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In this recorded professional learning session, Lyn Rogers and Angela Schipper explore how teachers can plan to engage students in science topics that they may perceive as difficult.

Good messages ladies, thank you.

Teacher

They model easily transferable planning skills and pedagogies and use climate change – a complex issue – as a context for this session.

Thank you for the interesting webinar, first time ever. Really useful and relevant.

Teacher

The planning skills and pedagogies modelled in this webinar will be easily transferable to other topics or contexts.

This will be of interest for both primary and secondary school teachers.

Nature of science

The nature of science underpins how science works. All aspects of the nature of science can be considered when planning in science, but it is easier to focus on one or two. This session explains how to choose what aspects may be relevant.

The article Climate change – a wicked problem for classroom inquiry provides additional information on how to tackle big issues in science. Like the recorded PLD session, the article recommends smaller bite-size inquiries and opportunities for cross-curricular and key competency learning.

For optimal viewing of this professional development session video and the PowerPoint, you may find it easier to download them.

We encourage you to join our discussion about planning and pedagogy in science by registering in our online forum on Slack. In this forum, we share and discuss ideas and share resources.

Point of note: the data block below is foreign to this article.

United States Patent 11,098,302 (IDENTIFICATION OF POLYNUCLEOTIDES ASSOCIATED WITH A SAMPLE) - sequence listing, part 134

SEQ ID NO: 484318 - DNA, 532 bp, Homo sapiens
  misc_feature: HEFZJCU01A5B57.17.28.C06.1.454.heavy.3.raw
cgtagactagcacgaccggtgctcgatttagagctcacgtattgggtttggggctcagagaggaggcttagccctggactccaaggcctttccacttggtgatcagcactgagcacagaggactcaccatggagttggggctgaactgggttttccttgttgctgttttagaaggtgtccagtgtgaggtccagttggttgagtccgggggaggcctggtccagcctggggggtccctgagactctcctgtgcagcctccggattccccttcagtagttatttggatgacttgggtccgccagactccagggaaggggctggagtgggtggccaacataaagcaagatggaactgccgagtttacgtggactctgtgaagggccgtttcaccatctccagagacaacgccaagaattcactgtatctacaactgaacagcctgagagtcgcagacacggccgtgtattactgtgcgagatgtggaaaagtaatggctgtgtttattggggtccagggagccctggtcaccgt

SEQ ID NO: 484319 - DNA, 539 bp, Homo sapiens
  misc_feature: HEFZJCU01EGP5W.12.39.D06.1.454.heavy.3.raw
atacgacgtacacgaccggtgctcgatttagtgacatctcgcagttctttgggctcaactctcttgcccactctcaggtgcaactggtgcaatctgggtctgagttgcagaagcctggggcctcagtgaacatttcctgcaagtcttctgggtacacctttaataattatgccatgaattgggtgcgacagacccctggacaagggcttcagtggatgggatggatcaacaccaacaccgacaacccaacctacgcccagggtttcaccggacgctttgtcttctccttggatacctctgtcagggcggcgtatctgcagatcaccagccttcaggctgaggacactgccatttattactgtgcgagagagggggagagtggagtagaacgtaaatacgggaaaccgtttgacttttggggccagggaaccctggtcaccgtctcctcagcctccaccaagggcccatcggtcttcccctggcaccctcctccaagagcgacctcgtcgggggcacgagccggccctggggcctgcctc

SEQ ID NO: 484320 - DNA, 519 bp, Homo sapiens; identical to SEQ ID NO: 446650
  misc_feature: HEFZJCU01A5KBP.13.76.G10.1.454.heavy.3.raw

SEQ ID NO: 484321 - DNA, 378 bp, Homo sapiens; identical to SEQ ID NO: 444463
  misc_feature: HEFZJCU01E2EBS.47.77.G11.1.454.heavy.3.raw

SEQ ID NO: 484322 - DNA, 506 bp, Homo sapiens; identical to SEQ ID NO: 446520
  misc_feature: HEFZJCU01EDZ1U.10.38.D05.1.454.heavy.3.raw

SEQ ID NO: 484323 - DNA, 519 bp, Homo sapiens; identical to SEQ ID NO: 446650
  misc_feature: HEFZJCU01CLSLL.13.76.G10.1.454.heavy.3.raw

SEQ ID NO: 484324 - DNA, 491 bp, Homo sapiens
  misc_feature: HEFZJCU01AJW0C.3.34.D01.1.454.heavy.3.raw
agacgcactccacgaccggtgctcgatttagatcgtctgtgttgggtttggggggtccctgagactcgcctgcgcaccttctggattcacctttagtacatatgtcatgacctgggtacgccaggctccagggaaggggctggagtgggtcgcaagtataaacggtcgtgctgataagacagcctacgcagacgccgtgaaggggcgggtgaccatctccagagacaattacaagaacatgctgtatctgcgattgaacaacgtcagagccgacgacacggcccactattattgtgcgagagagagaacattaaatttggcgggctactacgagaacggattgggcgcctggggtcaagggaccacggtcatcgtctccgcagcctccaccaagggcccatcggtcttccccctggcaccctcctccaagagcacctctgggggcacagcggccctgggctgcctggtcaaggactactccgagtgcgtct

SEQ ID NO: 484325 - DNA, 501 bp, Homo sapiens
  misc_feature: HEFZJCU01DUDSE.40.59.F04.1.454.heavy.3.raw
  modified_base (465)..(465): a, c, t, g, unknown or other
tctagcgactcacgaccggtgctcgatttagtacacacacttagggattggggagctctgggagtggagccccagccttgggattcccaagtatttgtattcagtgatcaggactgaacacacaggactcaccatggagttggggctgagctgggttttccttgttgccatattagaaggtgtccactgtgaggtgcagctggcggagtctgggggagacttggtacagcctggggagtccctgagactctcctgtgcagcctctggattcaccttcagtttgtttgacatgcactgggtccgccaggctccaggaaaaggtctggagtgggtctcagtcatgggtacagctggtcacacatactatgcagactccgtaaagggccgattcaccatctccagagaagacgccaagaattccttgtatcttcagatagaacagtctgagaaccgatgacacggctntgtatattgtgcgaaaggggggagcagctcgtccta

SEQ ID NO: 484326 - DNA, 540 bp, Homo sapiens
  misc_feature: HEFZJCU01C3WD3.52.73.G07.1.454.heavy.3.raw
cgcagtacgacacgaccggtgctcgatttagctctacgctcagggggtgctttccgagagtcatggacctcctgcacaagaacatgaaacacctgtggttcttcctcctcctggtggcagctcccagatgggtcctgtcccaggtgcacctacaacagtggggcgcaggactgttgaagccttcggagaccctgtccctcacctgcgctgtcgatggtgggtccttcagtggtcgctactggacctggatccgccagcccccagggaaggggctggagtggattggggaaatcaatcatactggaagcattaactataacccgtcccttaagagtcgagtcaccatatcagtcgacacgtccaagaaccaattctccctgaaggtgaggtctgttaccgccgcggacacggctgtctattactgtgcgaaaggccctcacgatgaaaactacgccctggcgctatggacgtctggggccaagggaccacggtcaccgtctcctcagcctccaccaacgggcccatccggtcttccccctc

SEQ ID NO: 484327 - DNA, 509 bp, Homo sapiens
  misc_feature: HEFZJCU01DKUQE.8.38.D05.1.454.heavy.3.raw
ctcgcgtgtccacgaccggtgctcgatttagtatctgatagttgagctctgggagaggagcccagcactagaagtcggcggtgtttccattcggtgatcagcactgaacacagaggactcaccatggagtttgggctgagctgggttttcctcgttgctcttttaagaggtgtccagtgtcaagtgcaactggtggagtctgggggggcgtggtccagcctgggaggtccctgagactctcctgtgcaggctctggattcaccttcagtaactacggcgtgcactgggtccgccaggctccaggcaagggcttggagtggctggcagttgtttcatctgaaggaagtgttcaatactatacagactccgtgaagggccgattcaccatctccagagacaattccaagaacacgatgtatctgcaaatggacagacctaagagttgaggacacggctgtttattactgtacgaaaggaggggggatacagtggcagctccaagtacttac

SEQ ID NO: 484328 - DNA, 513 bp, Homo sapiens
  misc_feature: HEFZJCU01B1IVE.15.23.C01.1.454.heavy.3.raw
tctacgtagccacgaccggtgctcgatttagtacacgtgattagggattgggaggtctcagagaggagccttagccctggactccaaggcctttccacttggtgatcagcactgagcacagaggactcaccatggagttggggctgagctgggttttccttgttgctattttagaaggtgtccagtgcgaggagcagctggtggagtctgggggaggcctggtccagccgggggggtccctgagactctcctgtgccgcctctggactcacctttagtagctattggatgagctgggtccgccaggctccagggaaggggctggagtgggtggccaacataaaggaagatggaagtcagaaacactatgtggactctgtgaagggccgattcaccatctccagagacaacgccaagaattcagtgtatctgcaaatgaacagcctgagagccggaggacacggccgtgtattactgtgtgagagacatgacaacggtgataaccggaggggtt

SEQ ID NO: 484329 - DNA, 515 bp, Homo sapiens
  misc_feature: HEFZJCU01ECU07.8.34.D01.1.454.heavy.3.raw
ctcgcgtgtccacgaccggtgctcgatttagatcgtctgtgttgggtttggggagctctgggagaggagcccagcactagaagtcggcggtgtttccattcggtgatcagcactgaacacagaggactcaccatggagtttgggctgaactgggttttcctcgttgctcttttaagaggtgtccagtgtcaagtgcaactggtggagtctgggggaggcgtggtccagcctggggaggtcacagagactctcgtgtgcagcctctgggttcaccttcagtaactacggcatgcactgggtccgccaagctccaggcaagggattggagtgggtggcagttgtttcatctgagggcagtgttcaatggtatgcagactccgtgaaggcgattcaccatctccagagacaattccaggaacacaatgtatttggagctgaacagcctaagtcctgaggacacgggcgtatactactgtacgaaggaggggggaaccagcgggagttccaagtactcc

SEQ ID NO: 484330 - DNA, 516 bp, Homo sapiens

Related content

Planning

The SLH has a range of articles designed to support teachers to plan in science. These include Planning template for teaching science, Ethics in science planner, Harnessing the Sun – unit plan and Using concept cartoons.

Alternatively, you can explore our PLD section for more planning options.

Climate change

There is also a wide range of articles and activities relevant to different aspects of climate change, depending on the curriculum focus and students’ understandings about climate change. Examples include Ocean acidification and eggshells, Carbon dioxide emissions calculator, Temperature, salinity and water density, Farming and environmental issues, Greenhouse simulation, Melting glacial ice, Melting and freezing, Humans and the water cycle, Ocean temperature and Renewable energy sources.

To view all of our climate change resources, visit the climate change topic. Once there, you can use the filters to narrow your search options.

Index – SLH PD Tackling planning in science

Topic

PowerPoint slide number(s)

Video timecode

Introducing the Science Learning Hub and presenters 

1

 00:00

Index

2–3

00:10

Introducing the learning outcomes

4

00:20

Why might we choose a context or topic?

5–9

01:08

Climate change – how or where do we start?

 10–13

05:58

Deciding on the curriculum angle to take

 14–19

12:55

How confident are we?

20

22:05

What approach will we take?

 21

 24:56

What activities will we choose?

 22

25:53

Engagement through inquiry

 23

27:21

What is climate change? What are the consequences?

24–25

29:56

Using thinking hats to generate questions

26

32:36

Exploring the science of sea-level rise

27–28

36:23

How do we know our students have learned?

29–30

40:36

Some more SLH resources

31

-

Thanks – links to keep in touch

32

45:31

    Published 16 April 2018